Under the per-capita allotment option, starting in 2019 states would receive a monthly per-beneficiary contribution from the feds for the four major beneficiary categories—aged; blind, and disabled; children; and adults. The per-capita amount would be based on each state's average medical assistance and non-benefit expenditures per beneficiary for the base year of 2016, adjusted for inflation. The amount would grow “at a rate slower than current law.” Some payment categories such as disproportionate share payments to hospitals and graduate medical education would be calculated through a separate funding stream.
States that already have expanded Medicaid to low-income adults under the ACA would receive no more expansion funding in 2019 than they receive today. The enhanced rate of federal funding for the expansion population would be slowly phased down each year until it equaled each state's normal federal matching rate. States that had not expanded Medicaid as of Jan. 1, 2016 “would not be able to do so.” According to the white paper, the aim of this policy is “transitioning many of the able-bodied adults from Medicaid into commercial coverage.”
Under the block-grant option, states would get a lump sum not including money for the Medicaid expansion population. They would receive nearly total flexibility to design their program in any way they choose, limited only by the mandate that they “provide required services to the most vulnerable elderly and disabled individuals” for whom the current Medicaid law requires coverage. Any program spending that exceeded the federal amount would have to be financed by the states themselves.
Medicaid experts say it's impossible to predict exactly what would happen under the proposal given the lack of details and numbers. Some analysts said it's likely the House Republicans received numbers from the Congressional Budget Office on how their plan would affect federal spending and the number of people covered but didn't want to release the scores because they would have drawn criticism from Republicans on cost grounds and from Democrats on coverage grounds.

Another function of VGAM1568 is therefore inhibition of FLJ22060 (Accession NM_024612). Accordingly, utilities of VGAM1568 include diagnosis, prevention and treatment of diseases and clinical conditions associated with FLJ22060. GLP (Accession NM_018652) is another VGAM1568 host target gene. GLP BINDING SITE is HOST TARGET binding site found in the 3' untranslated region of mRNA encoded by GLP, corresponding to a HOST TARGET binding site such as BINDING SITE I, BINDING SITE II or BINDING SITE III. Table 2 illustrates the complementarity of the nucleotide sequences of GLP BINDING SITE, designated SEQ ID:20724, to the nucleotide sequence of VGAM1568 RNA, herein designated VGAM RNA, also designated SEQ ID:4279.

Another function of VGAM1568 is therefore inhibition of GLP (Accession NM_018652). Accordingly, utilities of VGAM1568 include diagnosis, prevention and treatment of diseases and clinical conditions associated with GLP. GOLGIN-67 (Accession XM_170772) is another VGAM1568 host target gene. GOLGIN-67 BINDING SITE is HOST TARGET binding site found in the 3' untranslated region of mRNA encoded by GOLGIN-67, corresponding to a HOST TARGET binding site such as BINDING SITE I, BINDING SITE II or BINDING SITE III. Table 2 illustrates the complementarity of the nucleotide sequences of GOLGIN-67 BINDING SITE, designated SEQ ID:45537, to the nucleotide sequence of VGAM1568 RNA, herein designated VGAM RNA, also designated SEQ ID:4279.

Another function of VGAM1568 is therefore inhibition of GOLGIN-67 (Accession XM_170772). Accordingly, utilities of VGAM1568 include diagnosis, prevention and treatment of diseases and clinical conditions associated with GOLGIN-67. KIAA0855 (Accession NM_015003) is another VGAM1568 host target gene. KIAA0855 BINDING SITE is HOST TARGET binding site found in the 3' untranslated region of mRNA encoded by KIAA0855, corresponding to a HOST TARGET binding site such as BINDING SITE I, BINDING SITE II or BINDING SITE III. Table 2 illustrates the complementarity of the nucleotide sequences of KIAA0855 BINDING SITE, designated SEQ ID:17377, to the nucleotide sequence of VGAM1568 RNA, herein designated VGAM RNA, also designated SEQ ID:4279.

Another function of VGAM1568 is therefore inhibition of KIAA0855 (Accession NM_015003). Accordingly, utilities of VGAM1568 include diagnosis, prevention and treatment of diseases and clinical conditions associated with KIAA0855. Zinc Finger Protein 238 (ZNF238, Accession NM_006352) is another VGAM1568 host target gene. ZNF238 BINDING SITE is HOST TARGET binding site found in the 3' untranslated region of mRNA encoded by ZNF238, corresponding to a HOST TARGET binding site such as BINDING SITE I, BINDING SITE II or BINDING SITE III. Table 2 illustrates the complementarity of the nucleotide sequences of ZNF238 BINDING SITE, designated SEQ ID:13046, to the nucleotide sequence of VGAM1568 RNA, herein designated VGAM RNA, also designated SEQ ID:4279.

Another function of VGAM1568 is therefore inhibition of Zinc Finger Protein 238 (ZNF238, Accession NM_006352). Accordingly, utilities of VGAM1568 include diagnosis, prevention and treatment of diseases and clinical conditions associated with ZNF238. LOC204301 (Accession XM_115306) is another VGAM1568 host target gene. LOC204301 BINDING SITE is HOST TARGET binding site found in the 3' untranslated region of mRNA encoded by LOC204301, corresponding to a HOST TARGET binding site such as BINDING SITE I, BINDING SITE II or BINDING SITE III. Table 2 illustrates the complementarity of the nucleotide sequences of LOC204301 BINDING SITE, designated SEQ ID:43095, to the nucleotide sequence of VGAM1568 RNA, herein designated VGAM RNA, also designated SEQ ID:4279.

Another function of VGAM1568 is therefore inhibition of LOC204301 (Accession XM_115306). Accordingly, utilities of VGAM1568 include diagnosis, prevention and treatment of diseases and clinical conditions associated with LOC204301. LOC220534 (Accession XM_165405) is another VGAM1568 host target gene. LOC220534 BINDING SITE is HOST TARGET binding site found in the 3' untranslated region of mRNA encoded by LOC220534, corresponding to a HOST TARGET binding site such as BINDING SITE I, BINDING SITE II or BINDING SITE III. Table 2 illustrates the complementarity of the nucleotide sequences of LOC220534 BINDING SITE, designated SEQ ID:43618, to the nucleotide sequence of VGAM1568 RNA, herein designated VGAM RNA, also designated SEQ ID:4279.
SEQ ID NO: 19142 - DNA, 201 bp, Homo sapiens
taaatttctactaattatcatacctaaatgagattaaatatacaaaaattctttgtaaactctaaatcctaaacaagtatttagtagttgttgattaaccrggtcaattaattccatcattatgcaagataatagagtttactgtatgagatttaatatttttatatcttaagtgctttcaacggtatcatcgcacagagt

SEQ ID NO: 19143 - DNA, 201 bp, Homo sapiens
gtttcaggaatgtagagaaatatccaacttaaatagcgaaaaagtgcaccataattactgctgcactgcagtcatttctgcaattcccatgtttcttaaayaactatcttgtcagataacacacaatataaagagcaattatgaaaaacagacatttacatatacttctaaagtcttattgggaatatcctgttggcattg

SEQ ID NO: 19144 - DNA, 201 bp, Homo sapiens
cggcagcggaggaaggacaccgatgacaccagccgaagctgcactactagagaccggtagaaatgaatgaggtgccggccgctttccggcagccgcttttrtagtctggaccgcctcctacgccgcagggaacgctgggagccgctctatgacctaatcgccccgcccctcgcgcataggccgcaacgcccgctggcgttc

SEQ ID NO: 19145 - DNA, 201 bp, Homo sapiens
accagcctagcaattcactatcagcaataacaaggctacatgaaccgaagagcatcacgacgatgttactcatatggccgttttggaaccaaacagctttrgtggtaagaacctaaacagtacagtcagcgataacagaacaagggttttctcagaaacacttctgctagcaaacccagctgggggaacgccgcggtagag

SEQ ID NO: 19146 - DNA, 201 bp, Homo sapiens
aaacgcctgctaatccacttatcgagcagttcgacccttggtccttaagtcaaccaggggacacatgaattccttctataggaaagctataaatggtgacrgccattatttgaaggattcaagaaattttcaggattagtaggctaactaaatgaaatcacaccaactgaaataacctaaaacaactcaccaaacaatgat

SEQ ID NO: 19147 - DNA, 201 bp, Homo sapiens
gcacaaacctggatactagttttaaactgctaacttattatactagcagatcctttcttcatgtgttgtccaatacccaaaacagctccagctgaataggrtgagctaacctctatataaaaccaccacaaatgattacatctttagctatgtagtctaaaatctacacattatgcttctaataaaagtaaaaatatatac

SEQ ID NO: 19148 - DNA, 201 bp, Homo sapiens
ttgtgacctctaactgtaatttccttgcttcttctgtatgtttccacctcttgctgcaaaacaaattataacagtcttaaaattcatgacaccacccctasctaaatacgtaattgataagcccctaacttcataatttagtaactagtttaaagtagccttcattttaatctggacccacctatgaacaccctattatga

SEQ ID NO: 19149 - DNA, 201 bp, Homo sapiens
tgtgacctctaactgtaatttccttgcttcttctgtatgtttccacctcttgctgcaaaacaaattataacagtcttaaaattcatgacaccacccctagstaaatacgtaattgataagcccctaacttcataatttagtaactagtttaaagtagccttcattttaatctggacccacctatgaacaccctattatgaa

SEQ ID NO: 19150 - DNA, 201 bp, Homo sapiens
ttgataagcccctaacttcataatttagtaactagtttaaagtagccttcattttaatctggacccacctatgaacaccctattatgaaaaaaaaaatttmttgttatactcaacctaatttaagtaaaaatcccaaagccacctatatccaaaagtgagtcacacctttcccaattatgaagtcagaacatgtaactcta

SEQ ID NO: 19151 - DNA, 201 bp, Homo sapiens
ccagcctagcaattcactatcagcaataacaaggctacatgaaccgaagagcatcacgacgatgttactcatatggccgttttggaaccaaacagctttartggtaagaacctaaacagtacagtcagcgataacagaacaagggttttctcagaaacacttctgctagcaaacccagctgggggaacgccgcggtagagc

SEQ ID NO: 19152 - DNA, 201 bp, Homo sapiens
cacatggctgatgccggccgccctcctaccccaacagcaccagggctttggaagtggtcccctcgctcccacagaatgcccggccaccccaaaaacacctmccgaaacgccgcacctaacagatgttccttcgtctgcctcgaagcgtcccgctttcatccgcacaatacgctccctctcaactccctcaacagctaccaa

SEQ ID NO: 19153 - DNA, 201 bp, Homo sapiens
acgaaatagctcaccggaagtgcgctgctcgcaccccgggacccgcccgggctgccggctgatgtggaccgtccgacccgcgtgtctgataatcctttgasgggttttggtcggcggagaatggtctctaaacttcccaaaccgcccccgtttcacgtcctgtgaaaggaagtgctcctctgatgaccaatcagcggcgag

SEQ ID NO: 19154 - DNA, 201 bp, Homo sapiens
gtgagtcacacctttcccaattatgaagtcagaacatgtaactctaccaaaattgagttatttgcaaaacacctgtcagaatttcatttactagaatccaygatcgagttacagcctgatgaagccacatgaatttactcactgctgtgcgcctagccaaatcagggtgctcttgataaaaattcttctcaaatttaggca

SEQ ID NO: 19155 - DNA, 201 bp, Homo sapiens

When the Congressional Budget Office scored Paul Ryan's similar House budget proposal to block-grant Medicaid in 2011, the agency estimated that federal Medicaid spending would be 35% lower in 2022 and 49% lower in 2030 than projected spending without the changes.
“If the costs of medical services for Medicaid enrollees continued to rise faster than the growth in the block grant amounts, states would have to decide how to respond,” the CBO wrote at that time. “Because of the magnitude of the reduction… states would face significant challenges in achieving sufficient cost savings through efficiencies to mitigate the loss of federal funding.” It said states could cut payment rates for doctors, hospitals, or nursing homes, reduce benefits covered, or limit eligibility, and that such cuts could increase uncompensated care.
Even without numbers for the current House GOP proposal, experts warned that the effects of the GOP plan would be profound. “Whether it's the per-capita or block grant approach, this would shift financial responsibilities from the feds to state governments,” Bachrach said. “It's a bad deal for states because they would get a fixed amount of money that does not accommodate local differences or increased demand for services. Governors all want more flexibility but it's not worth the price that's being suggested here.”
Under the ACA, “we've moved toward giving more people an entitlement to coverage,” Rowland said. “This could have the potential of saying to the low-income population, 'You don't have that entitlement any more.'”
Bachrach predicted that even though Medicaid long has drawn less voter attention than Medicare gets, the Republican proposal has the potential to become an important election issue this year, because Medicaid has become the single largest healthcare payer. “When you mess with Medicaid, you're messing with a lot of people, a lot of providers, a lot of health plans, and ultimately the states' economies,” she said.